This question, if put to a thousand people would receive a thousand different answers.
In this blog, you will hear from Pham Thi Le- a mother, wife and labourer from Vietnam, that is being supported by Habitat for Humanity, volunteers and the government to move into a new decent home.
My definition of happiness
We want to see our children complete their education. Our only dream is that, even though we are poor, that we try and live so that our children can go to school.
“I want nothing but for my children to grow and be successful. One day entering this world, they can contribute to the society. Other than that, we don’t really dream of anything extraordinary.” – Pham
We have four children. Three girls and one boy. Our youngest is only in 3rd grade, our second youngest is in 10th grade, and our second eldest is in 12th grade. As for our eldest, she already finished school for three years but couldn’t find a job. She is now a construction worker in Binh Duong.
I work and my husband also works… We live as labour hire workers. We farm, harvest chillies, remove weeds, grow rice, farm chillies. If anyone hires us, we work for them. Anything for the children.
The days he goes to work I would stay home and walk our youngest to school since he’s only in third grade. The days I work, we would switch roles and he would stay home.
If we retire, our children won’t be able to go to school. We must strive our hardest… We need to strive hard so our kids can go to school.
We are always happy. Happy. Truly happy.
Pham’s Old House
This canvas is our roof right here. When the house was removed, I only bought these canvasses and hung them around because the water came in. That’s how we live. When this road hadn’t been built there were floods for many years. Years ago, all of this place was flooded. The water came as high as above our knees.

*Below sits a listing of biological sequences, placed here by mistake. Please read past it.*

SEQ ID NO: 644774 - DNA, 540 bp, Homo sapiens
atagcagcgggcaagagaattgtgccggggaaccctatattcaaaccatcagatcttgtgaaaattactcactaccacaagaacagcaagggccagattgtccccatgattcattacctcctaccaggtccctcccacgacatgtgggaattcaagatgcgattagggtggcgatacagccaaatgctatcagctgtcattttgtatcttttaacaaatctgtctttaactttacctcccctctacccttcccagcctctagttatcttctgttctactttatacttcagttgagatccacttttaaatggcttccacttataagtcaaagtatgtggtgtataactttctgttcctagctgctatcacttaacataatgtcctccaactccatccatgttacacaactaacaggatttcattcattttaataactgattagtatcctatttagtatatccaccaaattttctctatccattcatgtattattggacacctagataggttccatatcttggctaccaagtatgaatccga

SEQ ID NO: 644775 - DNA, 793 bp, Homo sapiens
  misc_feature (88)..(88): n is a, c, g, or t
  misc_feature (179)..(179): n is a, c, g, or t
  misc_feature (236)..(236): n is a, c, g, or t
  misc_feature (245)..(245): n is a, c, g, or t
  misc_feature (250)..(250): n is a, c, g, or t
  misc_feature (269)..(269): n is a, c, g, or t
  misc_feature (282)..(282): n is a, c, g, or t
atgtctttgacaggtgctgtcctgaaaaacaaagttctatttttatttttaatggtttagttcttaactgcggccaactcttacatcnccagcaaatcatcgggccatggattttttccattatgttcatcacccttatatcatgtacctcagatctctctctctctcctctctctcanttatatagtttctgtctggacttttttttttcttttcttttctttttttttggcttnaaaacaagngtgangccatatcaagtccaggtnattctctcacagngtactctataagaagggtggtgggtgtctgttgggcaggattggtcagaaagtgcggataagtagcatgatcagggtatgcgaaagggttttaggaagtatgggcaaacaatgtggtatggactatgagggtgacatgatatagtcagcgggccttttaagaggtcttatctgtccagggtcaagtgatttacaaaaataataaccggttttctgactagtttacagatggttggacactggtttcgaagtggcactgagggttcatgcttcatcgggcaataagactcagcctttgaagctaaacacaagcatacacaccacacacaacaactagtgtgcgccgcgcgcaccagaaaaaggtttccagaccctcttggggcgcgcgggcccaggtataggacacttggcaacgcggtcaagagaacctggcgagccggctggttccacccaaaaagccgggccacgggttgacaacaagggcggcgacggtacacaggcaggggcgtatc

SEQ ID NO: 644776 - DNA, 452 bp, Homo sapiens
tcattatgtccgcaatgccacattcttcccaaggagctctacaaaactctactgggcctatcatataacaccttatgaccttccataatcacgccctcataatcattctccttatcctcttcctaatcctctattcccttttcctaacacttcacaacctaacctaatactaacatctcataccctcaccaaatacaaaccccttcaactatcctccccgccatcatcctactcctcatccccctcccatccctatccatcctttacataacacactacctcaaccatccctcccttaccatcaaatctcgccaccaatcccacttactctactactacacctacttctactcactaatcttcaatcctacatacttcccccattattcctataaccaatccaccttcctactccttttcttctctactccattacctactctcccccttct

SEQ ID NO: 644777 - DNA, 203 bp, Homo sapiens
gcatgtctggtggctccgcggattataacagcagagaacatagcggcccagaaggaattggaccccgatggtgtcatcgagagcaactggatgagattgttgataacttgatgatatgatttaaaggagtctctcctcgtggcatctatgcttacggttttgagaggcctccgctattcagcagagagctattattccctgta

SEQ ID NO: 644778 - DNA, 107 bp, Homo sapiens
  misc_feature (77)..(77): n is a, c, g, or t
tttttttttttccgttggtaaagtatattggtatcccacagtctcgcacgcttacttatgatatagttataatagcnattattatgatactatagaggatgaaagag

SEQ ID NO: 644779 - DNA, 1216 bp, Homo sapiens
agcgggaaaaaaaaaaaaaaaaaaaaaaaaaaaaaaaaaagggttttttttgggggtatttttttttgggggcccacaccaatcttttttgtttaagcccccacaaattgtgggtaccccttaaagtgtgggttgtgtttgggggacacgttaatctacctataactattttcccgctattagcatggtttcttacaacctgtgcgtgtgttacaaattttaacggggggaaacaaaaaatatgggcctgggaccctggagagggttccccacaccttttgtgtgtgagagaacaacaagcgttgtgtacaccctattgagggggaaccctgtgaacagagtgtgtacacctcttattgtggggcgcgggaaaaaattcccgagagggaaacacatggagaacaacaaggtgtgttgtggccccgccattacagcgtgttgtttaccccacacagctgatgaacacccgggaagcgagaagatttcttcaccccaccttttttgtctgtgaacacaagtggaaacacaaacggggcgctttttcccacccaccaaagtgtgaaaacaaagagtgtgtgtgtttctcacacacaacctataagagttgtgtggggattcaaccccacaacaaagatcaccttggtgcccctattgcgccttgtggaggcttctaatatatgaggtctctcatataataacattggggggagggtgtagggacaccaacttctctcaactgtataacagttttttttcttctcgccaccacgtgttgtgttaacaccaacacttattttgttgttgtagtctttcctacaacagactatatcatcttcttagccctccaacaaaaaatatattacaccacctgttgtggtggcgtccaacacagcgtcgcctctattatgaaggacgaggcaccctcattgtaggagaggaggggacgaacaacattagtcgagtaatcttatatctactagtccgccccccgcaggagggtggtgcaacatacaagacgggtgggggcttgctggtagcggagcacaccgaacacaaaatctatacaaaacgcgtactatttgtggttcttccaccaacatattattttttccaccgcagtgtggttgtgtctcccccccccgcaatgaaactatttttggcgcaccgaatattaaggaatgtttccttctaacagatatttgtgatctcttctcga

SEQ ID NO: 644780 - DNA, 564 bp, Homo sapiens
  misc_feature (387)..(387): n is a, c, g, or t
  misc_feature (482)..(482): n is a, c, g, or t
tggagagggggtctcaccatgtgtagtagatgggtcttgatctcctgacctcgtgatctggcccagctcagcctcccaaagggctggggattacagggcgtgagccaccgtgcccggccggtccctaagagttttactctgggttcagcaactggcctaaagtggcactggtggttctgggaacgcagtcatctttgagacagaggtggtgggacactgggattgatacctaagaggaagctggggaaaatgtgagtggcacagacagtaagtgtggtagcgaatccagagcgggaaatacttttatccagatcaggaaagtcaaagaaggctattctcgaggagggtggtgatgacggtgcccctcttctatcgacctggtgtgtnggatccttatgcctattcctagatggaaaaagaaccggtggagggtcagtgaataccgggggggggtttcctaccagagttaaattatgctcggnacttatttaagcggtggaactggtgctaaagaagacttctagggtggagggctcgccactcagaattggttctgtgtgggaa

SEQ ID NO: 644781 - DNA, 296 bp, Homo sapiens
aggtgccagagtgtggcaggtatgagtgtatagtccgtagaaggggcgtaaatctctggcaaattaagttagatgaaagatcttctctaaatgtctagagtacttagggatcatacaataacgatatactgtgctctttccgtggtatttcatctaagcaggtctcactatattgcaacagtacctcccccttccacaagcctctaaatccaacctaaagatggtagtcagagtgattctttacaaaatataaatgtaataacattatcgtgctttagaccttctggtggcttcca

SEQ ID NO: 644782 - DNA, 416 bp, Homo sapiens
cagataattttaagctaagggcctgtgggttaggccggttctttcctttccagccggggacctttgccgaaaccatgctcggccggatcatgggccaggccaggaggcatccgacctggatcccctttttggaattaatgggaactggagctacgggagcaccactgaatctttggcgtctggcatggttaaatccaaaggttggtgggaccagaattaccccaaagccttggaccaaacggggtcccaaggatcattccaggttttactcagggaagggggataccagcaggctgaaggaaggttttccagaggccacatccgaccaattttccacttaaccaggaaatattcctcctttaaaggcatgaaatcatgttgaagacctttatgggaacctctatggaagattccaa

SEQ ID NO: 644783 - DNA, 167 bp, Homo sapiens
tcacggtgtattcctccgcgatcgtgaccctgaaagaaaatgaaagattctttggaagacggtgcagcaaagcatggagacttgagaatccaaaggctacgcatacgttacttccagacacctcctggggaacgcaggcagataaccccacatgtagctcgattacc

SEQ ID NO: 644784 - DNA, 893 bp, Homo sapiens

For our eldest daughter, we had to cut down banana trees and build a raft. If we needed to go anywhere, even to the market, we would let her sit on the raft – tie a rope and pull [her] along.
At night, when we sleep, the water comes in a lot. When he [our son] studies, he has to cover his head with a hat. That’s how he studies… [Seeing our son study like that] makes us extremely proud. Especially when we are able to come home on time,
Growing up, we never received the education that they do now… With our ability, we can’t handle everything but today with support, we are truly grateful.
Pham’s old home was made from scrap metal and wood, and the amenities within the home were very basic. If there had been a storm, the entire structure would have fallen down. The cooking area was also on the floor and very basic.
Pham’s New Home
With the support of volunteers, organisations and the government, Pham now lives in a newly constructed house with her husband and children.
The new home has a safe roof that no longer leaks and sturdy walls that will be resilient to the weather.
Pham and her husband are incredibly happy that their children can now study in dry conditions without having to worry about their home affecting their children’s health and development.
“My husband and I can only say thank you so much, our volunteers, the government, Habitat for Humanity for helping our family. It’s such an honour. We are so blessed.”
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